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2019 Pittsburgh Steelers Team Awards

2019 Pittsburgh Steelers team awards. With their season over it is time to hand out awards to various players for their play this season.

Though their 2019 season was a roller coaster ride, it wasn’t all bad for the Pittsburgh Steelers. There were many bright spots on the injury-riddled roster, and those bright spots should have fans feeling optimistic heading into 2020. With their 2019 season over, it’s time to give out awards to Pittsburgh Steelers players for their performance in 2019.

2019 Pittsburgh Steelers Team Awards

MVP: T.J. Watt

Depending how “most valuable” is defined, there could be a different answer here. But, T.J. Watt was dominant this year, though, and was voted the team MVP by his teammates. Watt absolutely stuffed the stat sheet this year. He finished the season with 14.5 sacks, 14 tackles for loss, 36 quarterbacks hits, eight forced fumbles, two interceptions, and seven passes defended. His ridiculous speed and power for his size allowed him to consistently beat opposing right tackles on a weekly basis.

For his outstanding play on the season, Watt will be receiving some postseason awards. If he isn’t a first team all pro, something went wrong in the voting process. He will definitely receive votes for Defensive Player of the Year and should be one of the front runners for the award. Watt did it all for the Pittsburgh Steelers this year. He forced turnovers, gave opposing quarterbacks nightmares, dropped into pass coverage when asked, and played 87% of the team’s defensive snaps. For his durability and versatility, T.J. Watt is the Steelers 2019 MVP.

Offensive Player of the Year: David DeCastro

When an offensive lineman is a team’s offensive player of the year, it’s a good sign that the team’s offense wasn’t explosive. That was exactly the case with the Pittsburgh Steelers in 2019. The slew of injuries on the offensive side of the ball made it hard for them to ever find a rhythm. Despite that, right guard David DeCastro was his usual self. For yet another season, DeCastro was the best offensive lineman on the team. This year, that statement doesn’t hold as much weight as in years past, but he was the only consistently elite player on this unit this season.

For the third time in his eight-year career, DeCastro played every offensive snap for the Steelers. In 998 snaps, he was penalized just four times, zero of which were holding. His run-blocking continues to be among the best by any guard in the league. For his high level of play, DeCastro was selected to his fifth Pro Bowl and likely will be an all-pro for the fourth time.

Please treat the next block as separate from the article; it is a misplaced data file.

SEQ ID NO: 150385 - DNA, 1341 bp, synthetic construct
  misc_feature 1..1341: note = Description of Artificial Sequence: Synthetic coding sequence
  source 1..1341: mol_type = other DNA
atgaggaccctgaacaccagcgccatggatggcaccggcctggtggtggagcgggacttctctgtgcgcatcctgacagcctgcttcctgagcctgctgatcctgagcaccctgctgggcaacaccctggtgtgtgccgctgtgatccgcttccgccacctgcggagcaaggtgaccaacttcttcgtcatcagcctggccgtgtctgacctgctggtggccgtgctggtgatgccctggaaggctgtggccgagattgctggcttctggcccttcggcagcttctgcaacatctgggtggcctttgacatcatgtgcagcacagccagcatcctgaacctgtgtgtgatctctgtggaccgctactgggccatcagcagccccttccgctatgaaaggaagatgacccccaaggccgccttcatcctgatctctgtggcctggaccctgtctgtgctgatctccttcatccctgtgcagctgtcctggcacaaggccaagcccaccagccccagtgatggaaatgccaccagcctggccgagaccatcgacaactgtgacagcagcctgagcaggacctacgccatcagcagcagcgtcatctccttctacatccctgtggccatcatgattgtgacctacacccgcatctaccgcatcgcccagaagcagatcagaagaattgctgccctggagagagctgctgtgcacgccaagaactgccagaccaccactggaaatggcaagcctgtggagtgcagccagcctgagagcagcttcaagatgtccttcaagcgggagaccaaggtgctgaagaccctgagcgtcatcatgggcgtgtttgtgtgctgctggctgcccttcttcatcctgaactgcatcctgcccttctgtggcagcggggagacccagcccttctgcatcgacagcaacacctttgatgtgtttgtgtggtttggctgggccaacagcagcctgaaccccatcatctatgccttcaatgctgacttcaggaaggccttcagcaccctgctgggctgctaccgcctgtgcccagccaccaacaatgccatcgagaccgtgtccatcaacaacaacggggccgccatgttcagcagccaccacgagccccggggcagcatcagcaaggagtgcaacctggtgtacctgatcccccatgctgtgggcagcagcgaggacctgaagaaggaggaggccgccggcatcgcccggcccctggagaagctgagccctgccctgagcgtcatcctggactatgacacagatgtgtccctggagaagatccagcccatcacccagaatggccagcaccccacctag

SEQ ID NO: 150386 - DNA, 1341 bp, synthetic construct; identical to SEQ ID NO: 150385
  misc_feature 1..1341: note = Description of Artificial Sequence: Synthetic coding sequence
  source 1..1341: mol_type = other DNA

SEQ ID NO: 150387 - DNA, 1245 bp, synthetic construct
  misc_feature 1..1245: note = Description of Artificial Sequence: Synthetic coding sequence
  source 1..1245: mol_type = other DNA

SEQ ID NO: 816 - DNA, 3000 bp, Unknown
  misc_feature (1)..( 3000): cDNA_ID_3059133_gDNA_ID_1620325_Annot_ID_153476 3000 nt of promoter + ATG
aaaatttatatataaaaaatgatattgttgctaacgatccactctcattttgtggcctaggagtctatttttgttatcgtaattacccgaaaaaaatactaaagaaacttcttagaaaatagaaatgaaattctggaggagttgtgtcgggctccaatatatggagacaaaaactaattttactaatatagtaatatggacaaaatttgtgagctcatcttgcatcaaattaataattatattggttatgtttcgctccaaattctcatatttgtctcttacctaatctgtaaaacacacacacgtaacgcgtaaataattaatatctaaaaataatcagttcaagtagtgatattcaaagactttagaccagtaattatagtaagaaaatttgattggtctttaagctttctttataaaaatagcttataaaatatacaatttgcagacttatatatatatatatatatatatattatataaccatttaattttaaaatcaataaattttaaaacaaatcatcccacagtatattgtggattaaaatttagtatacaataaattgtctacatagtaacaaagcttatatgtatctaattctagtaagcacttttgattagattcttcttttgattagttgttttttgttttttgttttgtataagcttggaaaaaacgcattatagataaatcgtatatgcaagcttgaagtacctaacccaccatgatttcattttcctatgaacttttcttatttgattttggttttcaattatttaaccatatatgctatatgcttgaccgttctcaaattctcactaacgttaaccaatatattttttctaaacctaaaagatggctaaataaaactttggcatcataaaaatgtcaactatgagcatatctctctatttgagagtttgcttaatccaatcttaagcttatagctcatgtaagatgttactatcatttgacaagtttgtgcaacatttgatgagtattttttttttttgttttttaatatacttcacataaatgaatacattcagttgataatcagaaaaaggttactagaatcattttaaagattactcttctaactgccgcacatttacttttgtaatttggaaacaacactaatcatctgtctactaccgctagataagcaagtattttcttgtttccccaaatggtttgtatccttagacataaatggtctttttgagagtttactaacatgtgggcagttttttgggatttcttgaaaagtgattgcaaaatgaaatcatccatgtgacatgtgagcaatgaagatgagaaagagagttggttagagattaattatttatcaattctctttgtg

Honorable mention: Diontae Johnson

Defensive Player of the Year: Minkah Fitzpatrick

Here is the other guy who could have been voted the Pittsburgh Steelers team MVP. When Minkah Fitzpatrick came to the team after Week two, he allowed them to completely change the way they play defense. He is the ball hawk in the secondary that the team has been lacking since Troy Polamalu retired. Though a small sample size, the Steelers had a bottom ten defense in those two weeks without Fitzpatrick. After he was added, the defense became one of the best in the league, arguably the best. Pittsburgh would give up their 18th overall pick for a player of Fitzpatrick’s calendar ten times out of ten.

Like Watt, Fitzpatrick also stuffed the stat sheet this season. In 14 games with the Steelers this year, he had five interceptions, one forced fumble, one fumble recovery, and two defensive touchdowns. Eventually, opposing quarterbacks learned to stop throwing his way. In those same 14 games, Fitzpatrick allowed a passer rating of just 43.1 and a completion percentage of 50%. He was a secure tackler in the running game too, as a missed tackle percentage of 10.9 is the best mark of his career. Already arguably the best safety in the league, Fitzpatrick is only getting better and he will continue to anchor the new steel curtain for years to come.

Rookie of the Year: Diontae Johnson

This one comes down to two players, Diontae Johnson and Devin Bush. Johnson gets the nod here mostly due to the talent around each player. Bush was great this year, but he definitely benefited from playing with one of the best defenses in the league. Johnson, on the other hand, played great football despite dealing with revolving doors at both quarterback and wide receiver. When the personnel around him changed, Johnson continued to play great football. A third round pick, Johnson is yet another example of the Pittsburgh Steelers being the league’s best at drafting and developing wide receivers.